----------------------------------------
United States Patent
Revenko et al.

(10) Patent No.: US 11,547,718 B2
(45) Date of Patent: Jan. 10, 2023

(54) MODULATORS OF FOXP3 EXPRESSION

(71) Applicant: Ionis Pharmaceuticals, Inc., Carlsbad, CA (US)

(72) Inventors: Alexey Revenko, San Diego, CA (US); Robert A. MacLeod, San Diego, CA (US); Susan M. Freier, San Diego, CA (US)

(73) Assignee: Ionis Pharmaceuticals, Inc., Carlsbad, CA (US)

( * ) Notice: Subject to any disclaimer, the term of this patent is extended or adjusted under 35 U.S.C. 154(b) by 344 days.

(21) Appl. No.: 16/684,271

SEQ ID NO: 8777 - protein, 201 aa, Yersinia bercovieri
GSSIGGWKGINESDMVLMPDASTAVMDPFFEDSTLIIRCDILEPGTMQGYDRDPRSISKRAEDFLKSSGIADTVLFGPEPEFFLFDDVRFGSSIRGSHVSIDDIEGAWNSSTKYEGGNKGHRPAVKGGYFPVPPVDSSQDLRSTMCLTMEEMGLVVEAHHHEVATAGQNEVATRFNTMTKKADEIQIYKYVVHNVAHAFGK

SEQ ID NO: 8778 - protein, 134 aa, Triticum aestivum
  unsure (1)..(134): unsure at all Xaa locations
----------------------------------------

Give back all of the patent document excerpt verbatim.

United States Patent
Revenko et al.

(10) Patent No.: US 11,547,718 B2
(45) Date of Patent: Jan. 10, 2023

(54) MODULATORS OF FOXP3 EXPRESSION

(71) Applicant: Ionis Pharmaceuticals, Inc., Carlsbad, CA (US)

(72) Inventors: Alexey Revenko, San Diego, CA (US); Robert A. MacLeod, San Diego, CA (US); Susan M. Freier, San Diego, CA (US)

(73) Assignee: Ionis Pharmaceuticals, Inc., Carlsbad, CA (US)

( * ) Notice: Subject to any disclaimer, the term of this patent is extended or adjusted under 35 U.S.C. 154(b) by 344 days.

(21) Appl. No.: 16/684,271

SEQ ID NO: 8777 - protein, 201 aa, Yersinia bercovieri
GSSIGGWKGINESDMVLMPDASTAVMDPFFEDSTLIIRCDILEPGTMQGYDRDPRSISKRAEDFLKSSGIADTVLFGPEPEFFLFDDVRFGSSIRGSHVSIDDIEGAWNSSTKYEGGNKGHRPAVKGGYFPVPPVDSSQDLRSTMCLTMEEMGLVVEAHHHEVATAGQNEVATRFNTMTKKADEIQIYKYVVHNVAHAFGK

SEQ ID NO: 8778 - protein, 134 aa, Triticum aestivum
  unsure (1)..(134): unsure at all Xaa locations